“For the politicians, the murder of women is a reality that does not exist. They simply don’t care abut them.” 
Patricia Olamendi, lawyer, Mexico

The Instructors

“We help the helpless to be able to manage on their own.”


Who:
LAV (Laissez l’ Afrique Vivre)
What:
Offers support and vocational training to young people  - rape victims, child soldiers and street children.

Eight young women sit bent over their treadle sewing machines. They have learned how to thread the machine and pump the treadle at the right speed to sew evenly and safely. Their first task is to sew a straight seam on a piece of paper.


Panzi Hospital

“Would a male lion destroy a female lion’s genitals? It’s unthinkable.”  


Who:
Panzi Hospital
What:
Treats survivors of sexual violence and women with severe gynaecological problems.


The Lawyer

“I hope to go to court with my own mother one day, but she doesn’t want to. Not yet.”                    


Who:
Valentina Frolova
What: Lawyer at the Crisis Center for Women in St Petersburg.


The Imam

“Sexual response is important. Mutual pleasure is good for the marriage.”


Who:
Hassanein Abdelhakam
What: Religious leader who has changed his opinion and is now oppose to genital mutilation.


The Village Mother

“I used to sit up at night waiting for him to come home and beat me.”


Who:
Motshidisi
What:
Uses her position as “village mother” to work against violence and the spread of HIV/AIDS.  

Both Motshidisi’s daughter and her ex-husband died of AIDS. Since then she has talked and talked and talked about the disease - and about the violence. Slowly, people are beginning to respond.


The Police Commissioner

“The turning point was 2004, with the new law on violence in the home. Violence against women was no longer a private matter.”


Who
: Adolfina Prieto
What: Heads LIBRA, the special police unit which combats violence against women and also offers survival courses to women who have lived with a dangerous man.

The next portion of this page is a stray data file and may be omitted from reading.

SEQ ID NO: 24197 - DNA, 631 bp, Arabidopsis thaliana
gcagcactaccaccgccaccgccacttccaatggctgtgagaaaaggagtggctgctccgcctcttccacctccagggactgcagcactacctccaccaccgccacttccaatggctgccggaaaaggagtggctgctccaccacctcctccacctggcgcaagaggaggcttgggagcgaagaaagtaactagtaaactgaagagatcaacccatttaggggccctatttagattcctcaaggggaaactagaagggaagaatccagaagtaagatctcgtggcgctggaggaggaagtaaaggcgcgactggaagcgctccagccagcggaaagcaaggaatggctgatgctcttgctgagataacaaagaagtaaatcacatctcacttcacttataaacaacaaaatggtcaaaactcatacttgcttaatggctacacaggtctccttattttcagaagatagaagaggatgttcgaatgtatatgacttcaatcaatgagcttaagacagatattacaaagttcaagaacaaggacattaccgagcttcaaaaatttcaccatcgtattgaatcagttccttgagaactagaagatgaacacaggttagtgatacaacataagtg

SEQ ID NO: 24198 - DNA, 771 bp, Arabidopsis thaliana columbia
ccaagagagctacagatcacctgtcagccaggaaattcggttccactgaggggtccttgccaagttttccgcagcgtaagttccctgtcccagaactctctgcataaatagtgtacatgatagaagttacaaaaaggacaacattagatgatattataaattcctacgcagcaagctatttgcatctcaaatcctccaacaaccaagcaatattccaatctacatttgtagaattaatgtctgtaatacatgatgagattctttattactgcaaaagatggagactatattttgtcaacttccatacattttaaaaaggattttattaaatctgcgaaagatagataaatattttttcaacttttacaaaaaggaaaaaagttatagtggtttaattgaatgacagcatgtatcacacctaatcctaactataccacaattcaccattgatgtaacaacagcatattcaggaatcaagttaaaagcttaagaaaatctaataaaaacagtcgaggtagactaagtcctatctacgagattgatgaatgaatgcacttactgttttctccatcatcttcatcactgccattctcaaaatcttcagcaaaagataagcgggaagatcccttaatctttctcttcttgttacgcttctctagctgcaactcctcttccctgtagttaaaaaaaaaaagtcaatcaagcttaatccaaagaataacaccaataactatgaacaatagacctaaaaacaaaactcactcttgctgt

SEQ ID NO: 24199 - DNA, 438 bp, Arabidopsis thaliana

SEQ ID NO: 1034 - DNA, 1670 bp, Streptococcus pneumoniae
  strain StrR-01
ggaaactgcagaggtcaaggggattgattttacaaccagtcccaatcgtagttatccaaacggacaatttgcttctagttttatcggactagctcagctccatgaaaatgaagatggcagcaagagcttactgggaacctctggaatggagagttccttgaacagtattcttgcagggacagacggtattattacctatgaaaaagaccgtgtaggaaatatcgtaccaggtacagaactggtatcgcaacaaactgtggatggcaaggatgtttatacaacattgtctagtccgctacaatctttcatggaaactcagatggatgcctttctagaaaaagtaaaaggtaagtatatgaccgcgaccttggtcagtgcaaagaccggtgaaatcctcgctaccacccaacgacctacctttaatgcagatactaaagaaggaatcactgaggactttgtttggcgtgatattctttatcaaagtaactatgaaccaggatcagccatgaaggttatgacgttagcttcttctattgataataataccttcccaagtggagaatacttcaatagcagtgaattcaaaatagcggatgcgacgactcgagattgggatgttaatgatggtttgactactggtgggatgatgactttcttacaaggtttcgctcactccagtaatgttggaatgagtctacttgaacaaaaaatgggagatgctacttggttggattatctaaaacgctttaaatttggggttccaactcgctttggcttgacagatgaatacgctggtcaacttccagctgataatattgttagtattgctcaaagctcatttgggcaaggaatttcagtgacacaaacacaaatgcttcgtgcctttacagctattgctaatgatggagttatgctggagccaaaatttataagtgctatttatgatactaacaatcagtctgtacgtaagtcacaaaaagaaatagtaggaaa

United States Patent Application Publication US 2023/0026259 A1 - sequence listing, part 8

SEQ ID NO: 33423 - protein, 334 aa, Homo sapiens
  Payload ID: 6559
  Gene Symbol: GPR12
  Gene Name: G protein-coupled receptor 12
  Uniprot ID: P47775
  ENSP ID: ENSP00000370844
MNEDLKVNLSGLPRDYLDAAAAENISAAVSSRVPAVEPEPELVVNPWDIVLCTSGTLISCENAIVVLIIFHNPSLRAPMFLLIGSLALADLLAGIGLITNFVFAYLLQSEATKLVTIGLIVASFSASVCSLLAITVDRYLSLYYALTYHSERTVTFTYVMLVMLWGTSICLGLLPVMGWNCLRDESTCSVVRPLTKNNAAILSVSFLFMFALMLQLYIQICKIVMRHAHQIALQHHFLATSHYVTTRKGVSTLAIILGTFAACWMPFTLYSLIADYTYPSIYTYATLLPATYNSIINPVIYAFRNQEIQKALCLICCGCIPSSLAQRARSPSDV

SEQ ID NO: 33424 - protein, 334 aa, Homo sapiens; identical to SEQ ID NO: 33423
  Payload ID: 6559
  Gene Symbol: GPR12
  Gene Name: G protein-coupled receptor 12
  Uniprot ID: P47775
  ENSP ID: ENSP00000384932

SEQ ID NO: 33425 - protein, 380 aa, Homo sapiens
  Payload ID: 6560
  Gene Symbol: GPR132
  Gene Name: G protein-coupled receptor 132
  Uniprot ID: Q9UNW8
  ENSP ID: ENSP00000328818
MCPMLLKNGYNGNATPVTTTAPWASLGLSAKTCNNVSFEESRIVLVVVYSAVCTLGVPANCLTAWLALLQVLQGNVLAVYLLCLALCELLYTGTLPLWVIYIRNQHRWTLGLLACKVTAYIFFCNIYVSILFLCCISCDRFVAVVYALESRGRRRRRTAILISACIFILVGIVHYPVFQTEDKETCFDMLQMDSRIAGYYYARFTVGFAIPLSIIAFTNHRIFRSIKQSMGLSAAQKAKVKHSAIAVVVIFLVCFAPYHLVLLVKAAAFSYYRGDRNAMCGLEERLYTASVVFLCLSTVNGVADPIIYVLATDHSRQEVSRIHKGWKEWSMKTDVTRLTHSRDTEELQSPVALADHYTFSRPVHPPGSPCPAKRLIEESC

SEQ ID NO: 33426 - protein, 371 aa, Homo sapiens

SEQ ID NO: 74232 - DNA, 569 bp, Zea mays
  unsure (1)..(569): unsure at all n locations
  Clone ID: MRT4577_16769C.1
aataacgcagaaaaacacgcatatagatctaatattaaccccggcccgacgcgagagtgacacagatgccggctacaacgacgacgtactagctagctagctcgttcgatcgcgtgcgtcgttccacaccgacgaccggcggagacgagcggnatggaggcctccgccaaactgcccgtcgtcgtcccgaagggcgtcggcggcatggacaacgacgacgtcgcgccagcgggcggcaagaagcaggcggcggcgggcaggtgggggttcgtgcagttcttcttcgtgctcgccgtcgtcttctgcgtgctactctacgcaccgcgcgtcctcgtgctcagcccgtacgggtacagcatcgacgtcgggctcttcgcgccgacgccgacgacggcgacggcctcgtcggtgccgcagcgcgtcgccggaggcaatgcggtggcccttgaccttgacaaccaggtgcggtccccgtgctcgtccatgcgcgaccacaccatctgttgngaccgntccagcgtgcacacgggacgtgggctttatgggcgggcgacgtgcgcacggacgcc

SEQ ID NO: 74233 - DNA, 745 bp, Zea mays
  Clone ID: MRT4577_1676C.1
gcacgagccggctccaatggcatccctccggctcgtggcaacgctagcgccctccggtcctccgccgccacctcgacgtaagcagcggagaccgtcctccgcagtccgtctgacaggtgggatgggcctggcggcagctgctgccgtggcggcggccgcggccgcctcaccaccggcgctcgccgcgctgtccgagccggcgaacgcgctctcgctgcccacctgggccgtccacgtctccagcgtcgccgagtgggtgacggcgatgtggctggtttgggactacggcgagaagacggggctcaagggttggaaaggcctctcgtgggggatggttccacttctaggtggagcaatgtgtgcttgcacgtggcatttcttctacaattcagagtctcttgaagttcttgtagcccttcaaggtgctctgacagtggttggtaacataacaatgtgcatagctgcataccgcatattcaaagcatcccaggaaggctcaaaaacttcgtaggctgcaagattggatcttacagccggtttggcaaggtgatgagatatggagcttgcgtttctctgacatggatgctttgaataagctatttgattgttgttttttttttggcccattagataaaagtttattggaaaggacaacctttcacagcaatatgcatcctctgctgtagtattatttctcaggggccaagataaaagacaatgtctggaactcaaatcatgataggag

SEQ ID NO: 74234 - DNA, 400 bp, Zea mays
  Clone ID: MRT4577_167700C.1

Women’s Table

“What we see is a state which does not take responsibility for its people.”  


Who:
Mesa de Mujeres (Women’s Table)
What: Network of researchers and activists who investigate feminicides.


The Mothers

“Why didn’t the police show me the whole of my daughter’s body, just a left foot which was sticking out?”


Who:
Rosaura Montañez
What: Member of a network of mothers who have lost daughters. 

Araceli disappeared on the 30th of June 1995 and was found four days later on a refuse tip on the southern outskirts of the city. She had been raped and strangled. She was 19 years old. No-one has been found guilty of her murder.


The Listeners

“Conversation could do more good than all the medicine in the world.”


Who:
CAMPS (Centre D’Assistance Medico–Psychosociale)
What:
Gives psychosocial support to families who have been subjected to violence in South Kivu.


The Male Activists

“Sadly, we men have learned that we are worth more than women.


Who:
Antonio Agraz
What: Works in a men’s network for equality.


The Women’s Shelter

“Several women who have stayed at Dastak have been murdered by their families when they have dared to venture out.”


Who:
Dastak shelter
What:
Offer protection to women who have been subjected to violence or threats of violence. Lahore’s only private women’s shelter.